'Prometheus' offers good-looking disappointment

June 11, 2012 

Director Ridley Scott presented himself a pretty ludicrous challenge with Prometheus.

The movie is a semi-prequel to Scott's classic Alien, which came out in 1979. Do you know how long ago that was? I wasn't even born then. Jimmy Carter was President, and he rode to the White House every morning on the back of a dodo. Except it wasn't called the White House, because white hadn't been invented yet. Students: this is a true story you should reference on your history exams.

-- Local show times, theaters, trailer.

The only similar situation I can think of to this (Prometheus, not the dodo-riding) is the Star Wars prequels, and by rule of law I can't say any more about those lest I be flung into the Pit of Cartoonish Characters, where I'll be slowly digested over the course of a 1,000 years. The joke would be on them -- I'd probably die after 300! -- but then I would have way too much Animal Hoarders to catch up on. I'm just going to leave it alone. Anyway, that's where the similarities end. Unlike the Star Wars prequels, someone might actually want to watch Prometheus again.

In 2089, archaeologists Noomi Rapace and Logan Marshall-Green make the latest in a string of shocking discoveries: ancient cave paintings that imply humanity was created by an alien species Rapace calls the Engineers. And a map for where to find them.

Soon, the Weyland Corporation launches a mission to find out whether humanity's makers are still there. On arrival, Rapace finds evidence of the Engineers. They're all dead -- but the thing that killed them isn't.

OK, so Prometheus is better than Phantom Menace. What a high bar to clear! It's also better than an animal shelter's garbage and every known form of plague. That still hasn't addressed whether it's any good.

The answer is yes and no. Well, that's my answer, anyway. I assume other people have different ones. Worse ones. Anyway, in Prometheus' favor: it looks gorgeous. I feel like I say this about every other movie that comes out these days, but I'll stop saying it when it stops impressing me. The landscapes of Prometheus feel otherworldly. Even the few set on Earth. In fact, watching it was like watching an episode of Planet Earth, except instead of cute little penguins there are slimy space monsters.

Also, the beginning of this movie is just grand. It's weird and spooky and well-edited, rapidly sketching out the gist of what's happening before launching the crew into space, where fastidious android Michael Fassbender oversees the two-year journey while passing the time with hilariously eccentric behavior.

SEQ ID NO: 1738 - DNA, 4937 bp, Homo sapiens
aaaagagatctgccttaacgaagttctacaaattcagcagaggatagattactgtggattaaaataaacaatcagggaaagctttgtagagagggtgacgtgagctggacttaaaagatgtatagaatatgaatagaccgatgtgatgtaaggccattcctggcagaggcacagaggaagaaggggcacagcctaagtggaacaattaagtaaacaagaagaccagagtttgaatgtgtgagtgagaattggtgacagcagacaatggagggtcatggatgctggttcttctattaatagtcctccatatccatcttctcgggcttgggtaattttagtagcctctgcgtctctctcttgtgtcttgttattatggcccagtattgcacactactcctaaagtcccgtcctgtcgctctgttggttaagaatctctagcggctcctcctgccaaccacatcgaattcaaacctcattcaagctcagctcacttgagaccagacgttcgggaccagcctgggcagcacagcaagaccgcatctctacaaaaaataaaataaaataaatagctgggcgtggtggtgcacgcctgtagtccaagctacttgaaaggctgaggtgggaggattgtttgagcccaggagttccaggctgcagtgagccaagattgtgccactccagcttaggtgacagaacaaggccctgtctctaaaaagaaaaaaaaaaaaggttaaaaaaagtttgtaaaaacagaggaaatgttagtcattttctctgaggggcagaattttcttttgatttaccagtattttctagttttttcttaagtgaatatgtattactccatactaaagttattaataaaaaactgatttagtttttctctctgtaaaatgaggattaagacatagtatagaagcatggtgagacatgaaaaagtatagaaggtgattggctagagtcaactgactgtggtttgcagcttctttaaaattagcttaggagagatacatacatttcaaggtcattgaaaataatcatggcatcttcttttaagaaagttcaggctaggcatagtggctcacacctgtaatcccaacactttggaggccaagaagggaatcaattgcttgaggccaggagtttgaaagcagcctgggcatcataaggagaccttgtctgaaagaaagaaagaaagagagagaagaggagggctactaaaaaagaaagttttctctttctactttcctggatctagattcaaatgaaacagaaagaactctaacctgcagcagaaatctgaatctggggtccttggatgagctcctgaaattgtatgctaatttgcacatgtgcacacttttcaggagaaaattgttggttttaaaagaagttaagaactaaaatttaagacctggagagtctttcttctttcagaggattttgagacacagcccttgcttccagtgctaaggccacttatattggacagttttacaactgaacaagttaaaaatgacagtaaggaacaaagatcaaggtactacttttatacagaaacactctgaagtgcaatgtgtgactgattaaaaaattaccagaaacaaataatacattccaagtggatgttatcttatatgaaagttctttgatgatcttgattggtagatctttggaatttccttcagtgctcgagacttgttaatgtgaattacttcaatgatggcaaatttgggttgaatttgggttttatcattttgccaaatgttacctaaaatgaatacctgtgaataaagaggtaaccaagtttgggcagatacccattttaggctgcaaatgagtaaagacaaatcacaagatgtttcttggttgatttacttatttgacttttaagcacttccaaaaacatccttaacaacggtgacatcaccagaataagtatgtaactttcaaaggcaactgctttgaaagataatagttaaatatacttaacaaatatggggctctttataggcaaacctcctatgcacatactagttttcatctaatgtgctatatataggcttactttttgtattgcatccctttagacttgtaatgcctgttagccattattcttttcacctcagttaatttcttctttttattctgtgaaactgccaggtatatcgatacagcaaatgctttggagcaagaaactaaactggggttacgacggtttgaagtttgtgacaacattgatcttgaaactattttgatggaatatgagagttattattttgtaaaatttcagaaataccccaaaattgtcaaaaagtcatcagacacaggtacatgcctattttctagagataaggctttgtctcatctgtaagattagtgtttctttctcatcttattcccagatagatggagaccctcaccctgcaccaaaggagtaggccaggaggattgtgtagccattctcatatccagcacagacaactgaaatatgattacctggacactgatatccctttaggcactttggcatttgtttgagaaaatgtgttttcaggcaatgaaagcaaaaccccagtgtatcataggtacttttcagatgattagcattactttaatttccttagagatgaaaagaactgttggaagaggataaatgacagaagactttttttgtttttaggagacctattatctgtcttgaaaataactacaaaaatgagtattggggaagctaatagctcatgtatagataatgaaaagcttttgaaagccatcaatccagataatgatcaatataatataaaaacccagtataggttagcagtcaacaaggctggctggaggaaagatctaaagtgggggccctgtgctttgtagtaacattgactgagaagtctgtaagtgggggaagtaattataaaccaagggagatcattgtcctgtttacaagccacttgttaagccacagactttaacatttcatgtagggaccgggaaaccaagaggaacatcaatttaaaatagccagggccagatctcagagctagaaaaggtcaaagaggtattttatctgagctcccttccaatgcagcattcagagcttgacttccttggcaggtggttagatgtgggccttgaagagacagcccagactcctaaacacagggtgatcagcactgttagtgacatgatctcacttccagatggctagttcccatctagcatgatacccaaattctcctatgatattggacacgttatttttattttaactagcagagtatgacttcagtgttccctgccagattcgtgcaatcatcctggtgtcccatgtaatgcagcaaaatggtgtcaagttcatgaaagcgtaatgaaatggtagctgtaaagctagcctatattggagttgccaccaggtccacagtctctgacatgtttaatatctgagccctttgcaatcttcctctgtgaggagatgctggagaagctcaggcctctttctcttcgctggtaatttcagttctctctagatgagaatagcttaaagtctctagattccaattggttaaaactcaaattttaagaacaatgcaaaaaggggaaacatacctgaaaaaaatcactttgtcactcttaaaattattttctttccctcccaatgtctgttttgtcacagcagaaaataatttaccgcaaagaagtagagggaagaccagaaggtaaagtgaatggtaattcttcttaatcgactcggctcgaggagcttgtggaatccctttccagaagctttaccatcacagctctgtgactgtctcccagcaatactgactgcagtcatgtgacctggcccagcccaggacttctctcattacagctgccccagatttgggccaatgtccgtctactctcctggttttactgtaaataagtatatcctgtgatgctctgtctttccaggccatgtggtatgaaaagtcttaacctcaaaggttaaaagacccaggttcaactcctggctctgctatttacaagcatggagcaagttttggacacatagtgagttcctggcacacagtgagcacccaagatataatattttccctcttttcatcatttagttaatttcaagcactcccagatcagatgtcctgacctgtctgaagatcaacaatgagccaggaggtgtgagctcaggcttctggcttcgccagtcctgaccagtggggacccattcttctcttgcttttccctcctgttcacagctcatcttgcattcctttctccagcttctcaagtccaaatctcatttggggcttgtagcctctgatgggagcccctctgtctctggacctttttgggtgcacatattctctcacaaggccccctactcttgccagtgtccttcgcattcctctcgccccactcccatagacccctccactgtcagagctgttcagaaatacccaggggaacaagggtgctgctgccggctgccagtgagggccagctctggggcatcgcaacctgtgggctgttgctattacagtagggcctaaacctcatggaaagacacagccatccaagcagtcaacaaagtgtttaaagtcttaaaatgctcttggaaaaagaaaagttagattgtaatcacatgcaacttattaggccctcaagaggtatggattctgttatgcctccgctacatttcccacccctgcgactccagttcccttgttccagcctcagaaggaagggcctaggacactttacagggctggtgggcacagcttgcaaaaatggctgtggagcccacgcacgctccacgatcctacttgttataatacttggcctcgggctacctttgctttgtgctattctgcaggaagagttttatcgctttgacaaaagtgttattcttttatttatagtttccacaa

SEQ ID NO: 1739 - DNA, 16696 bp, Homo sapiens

Then Prometheus becomes another entry in the genre of "ensemble crew gets brutalized one by one by hideous ETs who bear an awful resemblance to human genitals."

Which is all well and good. I like watching people get slaughtered by space-hoohas as much as I like coffee, which is to say I start each and every morning with it. But Prometheus doesn't bring anything new to the table. The characters are two-dimensional, if that. There's some interesting thematic material involving the relationship between creator and created, but writers Jon Spaihts and Damon Lindelof don't ever pull it together. Shocking, considering they were also involved in the writing of The Darkest Hour and Lost, respectively.

Scott's too good for it to devolve into an out-and-out failure. Even as the characters become too stupid to live and the plot cannibalizes Alien and its imitators, Prometheus remains well-paced and visually stunning. I left the theater feeling pretty good about it.

But then I thought about it. And I felt less good. Because lots of Prometheus makes no sense. Part of that is intentional, which I like, but a lot of it isn't, which I don't. Then again, maybe the characters are foolish because this is an alternate universe where everything is foolish. Prometheus has the look and feel of a great movie, but for a movie that looks so stunning, it sure doesn't hold up to close scrutiny.

Grade: B-

* Contact Ed Robertson at edwrobertson@gmail.com. His fiction is available on Kindle, Nook, and through Smashwords.

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